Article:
Chapter 4 - (2nd Edition)
Virginia -- Industrial Hemp


[WARNING - much of the following consists of opinions, which while valid do NOT represent the view points of all museum members.   In addition, while documenting as much as possible, it is very possible that (because the subject is so subjective) that some technical errors might have been made. ]
Given the history of Hemp cultivation in Virginia and its economic and agricultural significance; --- so much so that it was even illegal at one time NOT to grow it, one would think that it would still be in mass production to this day.   That if one were to visit the State, one would see rows upon rows of Hemp Stocks, growing just about everywhere.   Yet the sad truth is that today (with the exception of some very few indoor farmers) no such growth is still taken place.

The following table is taken from the U.S. 1890 Census [AA] shows the problem in a nutshell.

Cesnus Table
U.S. 1890 Census

Note that the table goes back all the way to 1840; ---also note that states like Virginia don’t even register on it.   In other words, somewhere between 1820 and 1840, Hemp simply STOPPED being a major factor in the states economy.   WHY?

Many would point to the coming of the Reefer Madness dis-information campaign, which demonized Medical Cannabis and created the anti-Medical Marihuana laws as being the main, if not sole reason.   But this in turn begs the question; “How was it possible to demonize (as the Weed of Madness), what was being grown on the farm next to yours?”

The answer is you couldn’t, thus in the author’s opinion, the Reefer Madness campaign was only possible because Industrial Hemp production was already in mass decline.   An answer which in turn begs a question of its own, WHY?

The following are some of the factors, which again in the author’s opinion, led to this decline:
  • KING COTTON: --- In 1794 Eli Whitney invented the cotton gin, which allowed for the separation of Cotton seeds, etc., from the actual cotton fiber.   This factor cannot be underestimated.  It must be remembered that Hemp fibers themselves were originally a cheaper substitute for wool, which itself was a cheaper substitute for a whole host of other substances.   Cotton before (before the invention of the cotton gin) was simply too expensive, and labor intensive to be practical for common use.   Aka, it simply took too long to separate the cotton seeds, steams and other objects away from the actual cotton fiber. However, after its invention the price of cotton started to drop and drop.   Soon it was the dominant fiber for clothing.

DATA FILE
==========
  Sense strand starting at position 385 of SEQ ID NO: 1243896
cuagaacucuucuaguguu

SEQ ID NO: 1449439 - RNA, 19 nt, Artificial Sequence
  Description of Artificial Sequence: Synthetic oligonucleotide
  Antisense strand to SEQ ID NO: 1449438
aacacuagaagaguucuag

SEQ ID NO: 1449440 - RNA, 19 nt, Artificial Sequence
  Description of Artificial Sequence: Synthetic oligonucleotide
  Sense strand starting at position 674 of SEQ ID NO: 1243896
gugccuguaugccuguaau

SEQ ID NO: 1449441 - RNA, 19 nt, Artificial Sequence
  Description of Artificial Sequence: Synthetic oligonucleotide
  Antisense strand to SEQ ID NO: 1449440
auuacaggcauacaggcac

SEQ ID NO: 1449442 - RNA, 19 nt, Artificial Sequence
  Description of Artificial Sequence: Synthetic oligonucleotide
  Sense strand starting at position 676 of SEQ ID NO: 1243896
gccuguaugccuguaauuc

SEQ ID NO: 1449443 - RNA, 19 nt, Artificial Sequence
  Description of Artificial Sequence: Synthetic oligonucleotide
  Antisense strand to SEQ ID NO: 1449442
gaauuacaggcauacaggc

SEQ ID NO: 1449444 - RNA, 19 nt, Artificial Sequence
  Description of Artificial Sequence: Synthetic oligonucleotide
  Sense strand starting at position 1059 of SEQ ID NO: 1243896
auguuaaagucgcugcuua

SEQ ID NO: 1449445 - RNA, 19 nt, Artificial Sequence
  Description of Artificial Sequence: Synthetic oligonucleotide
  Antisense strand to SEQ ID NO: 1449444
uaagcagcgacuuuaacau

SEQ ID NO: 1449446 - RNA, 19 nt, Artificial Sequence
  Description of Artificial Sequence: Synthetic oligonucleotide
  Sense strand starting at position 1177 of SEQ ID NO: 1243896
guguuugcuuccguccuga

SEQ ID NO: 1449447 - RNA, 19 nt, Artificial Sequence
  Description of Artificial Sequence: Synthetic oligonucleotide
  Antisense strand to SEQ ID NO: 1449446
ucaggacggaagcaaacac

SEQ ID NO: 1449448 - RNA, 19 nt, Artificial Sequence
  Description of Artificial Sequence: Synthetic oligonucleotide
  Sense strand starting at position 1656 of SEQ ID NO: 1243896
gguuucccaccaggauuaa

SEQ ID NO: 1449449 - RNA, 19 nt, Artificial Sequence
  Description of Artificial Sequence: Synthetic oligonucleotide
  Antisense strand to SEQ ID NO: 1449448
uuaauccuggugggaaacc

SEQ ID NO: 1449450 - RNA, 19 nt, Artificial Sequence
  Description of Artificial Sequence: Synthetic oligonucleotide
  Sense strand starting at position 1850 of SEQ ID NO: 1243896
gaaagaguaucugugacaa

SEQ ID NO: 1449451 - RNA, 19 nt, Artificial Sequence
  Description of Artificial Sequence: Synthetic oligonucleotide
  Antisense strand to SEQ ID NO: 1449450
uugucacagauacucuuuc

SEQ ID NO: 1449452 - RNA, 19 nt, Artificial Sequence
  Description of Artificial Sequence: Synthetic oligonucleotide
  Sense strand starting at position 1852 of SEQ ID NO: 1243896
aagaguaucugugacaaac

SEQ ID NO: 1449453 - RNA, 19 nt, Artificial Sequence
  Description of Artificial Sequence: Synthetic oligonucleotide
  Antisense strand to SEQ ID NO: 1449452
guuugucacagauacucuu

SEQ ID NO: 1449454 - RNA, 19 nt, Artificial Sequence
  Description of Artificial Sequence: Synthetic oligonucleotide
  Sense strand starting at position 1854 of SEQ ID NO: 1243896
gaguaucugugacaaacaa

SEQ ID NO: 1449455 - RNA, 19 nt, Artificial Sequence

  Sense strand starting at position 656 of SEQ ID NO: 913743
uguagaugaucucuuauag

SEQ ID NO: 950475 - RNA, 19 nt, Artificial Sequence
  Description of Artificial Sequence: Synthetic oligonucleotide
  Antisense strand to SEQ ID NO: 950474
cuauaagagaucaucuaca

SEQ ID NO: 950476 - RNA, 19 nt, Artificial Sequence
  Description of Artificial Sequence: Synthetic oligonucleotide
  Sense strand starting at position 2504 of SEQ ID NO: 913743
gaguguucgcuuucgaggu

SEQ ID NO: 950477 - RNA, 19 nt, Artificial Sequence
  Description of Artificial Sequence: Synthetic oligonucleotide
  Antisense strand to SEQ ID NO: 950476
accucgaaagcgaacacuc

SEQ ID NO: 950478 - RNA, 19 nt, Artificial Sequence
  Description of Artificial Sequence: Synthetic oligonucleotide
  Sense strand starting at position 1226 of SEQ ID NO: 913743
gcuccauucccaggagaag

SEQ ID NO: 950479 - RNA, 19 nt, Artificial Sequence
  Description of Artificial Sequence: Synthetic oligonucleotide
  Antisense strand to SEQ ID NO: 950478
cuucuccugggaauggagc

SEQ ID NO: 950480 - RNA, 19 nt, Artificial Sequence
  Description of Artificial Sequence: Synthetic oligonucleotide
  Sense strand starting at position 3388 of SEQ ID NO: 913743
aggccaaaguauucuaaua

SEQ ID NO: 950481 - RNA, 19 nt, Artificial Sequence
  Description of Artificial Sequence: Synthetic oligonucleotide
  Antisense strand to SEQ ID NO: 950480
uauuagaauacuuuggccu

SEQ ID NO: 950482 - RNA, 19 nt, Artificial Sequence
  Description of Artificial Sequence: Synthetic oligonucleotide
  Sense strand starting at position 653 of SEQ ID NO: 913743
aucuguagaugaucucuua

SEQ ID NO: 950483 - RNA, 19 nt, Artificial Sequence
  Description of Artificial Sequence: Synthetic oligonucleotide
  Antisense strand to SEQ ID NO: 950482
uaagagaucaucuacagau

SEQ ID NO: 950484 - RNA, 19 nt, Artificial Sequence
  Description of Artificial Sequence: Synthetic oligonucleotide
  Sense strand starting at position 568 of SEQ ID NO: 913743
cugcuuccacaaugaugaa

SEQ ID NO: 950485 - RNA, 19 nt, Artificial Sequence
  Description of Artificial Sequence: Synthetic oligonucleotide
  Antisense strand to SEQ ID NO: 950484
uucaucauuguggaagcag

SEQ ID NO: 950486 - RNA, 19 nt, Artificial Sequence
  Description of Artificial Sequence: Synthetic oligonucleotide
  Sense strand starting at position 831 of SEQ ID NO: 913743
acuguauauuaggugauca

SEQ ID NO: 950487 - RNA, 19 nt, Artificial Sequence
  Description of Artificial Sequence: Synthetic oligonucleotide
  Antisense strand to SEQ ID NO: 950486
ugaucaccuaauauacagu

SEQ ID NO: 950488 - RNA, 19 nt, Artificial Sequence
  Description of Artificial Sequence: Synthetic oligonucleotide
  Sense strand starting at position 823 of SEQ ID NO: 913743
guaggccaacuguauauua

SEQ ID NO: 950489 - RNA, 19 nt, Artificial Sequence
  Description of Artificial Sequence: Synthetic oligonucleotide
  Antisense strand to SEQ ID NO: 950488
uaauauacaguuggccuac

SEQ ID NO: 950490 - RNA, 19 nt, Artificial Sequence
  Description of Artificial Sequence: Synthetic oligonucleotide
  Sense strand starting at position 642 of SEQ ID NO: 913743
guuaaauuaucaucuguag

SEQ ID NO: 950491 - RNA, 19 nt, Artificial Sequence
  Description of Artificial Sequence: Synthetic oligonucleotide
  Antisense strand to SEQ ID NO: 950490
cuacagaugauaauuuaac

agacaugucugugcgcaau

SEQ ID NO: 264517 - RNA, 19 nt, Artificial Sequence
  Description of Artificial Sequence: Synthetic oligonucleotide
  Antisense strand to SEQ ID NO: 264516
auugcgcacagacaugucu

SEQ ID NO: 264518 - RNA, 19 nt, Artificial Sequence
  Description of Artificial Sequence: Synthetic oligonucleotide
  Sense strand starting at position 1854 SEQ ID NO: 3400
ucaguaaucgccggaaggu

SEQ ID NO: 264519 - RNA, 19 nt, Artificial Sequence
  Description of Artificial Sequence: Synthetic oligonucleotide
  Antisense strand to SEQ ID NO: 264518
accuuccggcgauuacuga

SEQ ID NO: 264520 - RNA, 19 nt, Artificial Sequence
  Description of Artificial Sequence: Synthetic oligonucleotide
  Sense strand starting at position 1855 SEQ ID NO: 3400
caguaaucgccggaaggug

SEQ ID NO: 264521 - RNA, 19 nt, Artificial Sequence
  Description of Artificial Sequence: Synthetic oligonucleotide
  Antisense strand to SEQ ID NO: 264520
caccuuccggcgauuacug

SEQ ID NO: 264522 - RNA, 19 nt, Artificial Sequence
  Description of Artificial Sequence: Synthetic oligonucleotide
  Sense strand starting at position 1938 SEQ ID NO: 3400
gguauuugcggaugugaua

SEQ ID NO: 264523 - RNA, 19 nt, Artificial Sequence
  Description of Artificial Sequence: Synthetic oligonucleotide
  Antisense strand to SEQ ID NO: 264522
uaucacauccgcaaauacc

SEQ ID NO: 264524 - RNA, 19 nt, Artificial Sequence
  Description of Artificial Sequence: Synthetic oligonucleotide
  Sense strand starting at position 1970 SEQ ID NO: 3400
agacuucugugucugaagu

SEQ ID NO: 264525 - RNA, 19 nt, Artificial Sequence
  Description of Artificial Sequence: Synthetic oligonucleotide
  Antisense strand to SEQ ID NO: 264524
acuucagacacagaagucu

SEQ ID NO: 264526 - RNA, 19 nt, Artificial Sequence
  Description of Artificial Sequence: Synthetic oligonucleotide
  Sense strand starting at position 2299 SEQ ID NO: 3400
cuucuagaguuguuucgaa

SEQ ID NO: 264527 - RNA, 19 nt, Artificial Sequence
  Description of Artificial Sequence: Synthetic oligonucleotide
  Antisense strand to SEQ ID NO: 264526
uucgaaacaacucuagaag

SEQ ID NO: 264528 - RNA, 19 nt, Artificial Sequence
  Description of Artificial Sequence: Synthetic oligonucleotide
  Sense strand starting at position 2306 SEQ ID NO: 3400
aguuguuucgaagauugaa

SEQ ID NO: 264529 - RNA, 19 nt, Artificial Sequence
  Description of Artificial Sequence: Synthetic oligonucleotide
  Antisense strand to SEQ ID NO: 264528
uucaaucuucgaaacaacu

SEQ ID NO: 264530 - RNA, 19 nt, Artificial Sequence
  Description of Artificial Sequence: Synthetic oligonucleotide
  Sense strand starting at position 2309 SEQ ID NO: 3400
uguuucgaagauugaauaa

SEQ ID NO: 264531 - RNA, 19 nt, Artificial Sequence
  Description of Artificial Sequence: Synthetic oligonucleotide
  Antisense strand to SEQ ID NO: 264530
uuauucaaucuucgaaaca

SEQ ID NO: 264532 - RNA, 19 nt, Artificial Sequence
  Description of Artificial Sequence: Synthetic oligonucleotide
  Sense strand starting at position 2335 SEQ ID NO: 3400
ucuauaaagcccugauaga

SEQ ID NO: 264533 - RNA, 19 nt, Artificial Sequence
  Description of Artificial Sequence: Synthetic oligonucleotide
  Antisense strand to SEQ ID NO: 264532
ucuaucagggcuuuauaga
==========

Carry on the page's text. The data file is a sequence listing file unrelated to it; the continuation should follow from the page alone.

But cotton, while being a gentler fabric (good for shirts, underwear, etc.), because of its very gentleness (or weakness if you will) made it a poorer material for ropes, twine, blue jeans, sailing canvases, and other industrial uses etc., -----Thus cotton, while a factor was far from the only one.

  • LABOR COSTS: --- Hemp has always been a labor intensive crop, so much so that in 1815 Thomas Jefferson (yes that Thomas Jefferson), wrote the following:
    " abundantly productive and will grow forever on the same spot, but the breaking and beating it, which has always been done by hand, is so slow, so laborious, and so much complained of by our laborers, that I have given it up, . . . ; and in the mean time a method of removing the difficulty of preparing hemp occurred to me, so simple and so cheap, that I return to it's culture and manufacture.   To a person having a threshing machine, the addition of a hemp break will not cost more than . . . “--- Dec. 29, 1815 In a letter from Thomas Jefferson to George Fleming.
    Labor intensive here can be thought of as nothing more than a nice term for EXPENSIVE, and while cotton also is labor intensive, due to various factors, it was able to adapt.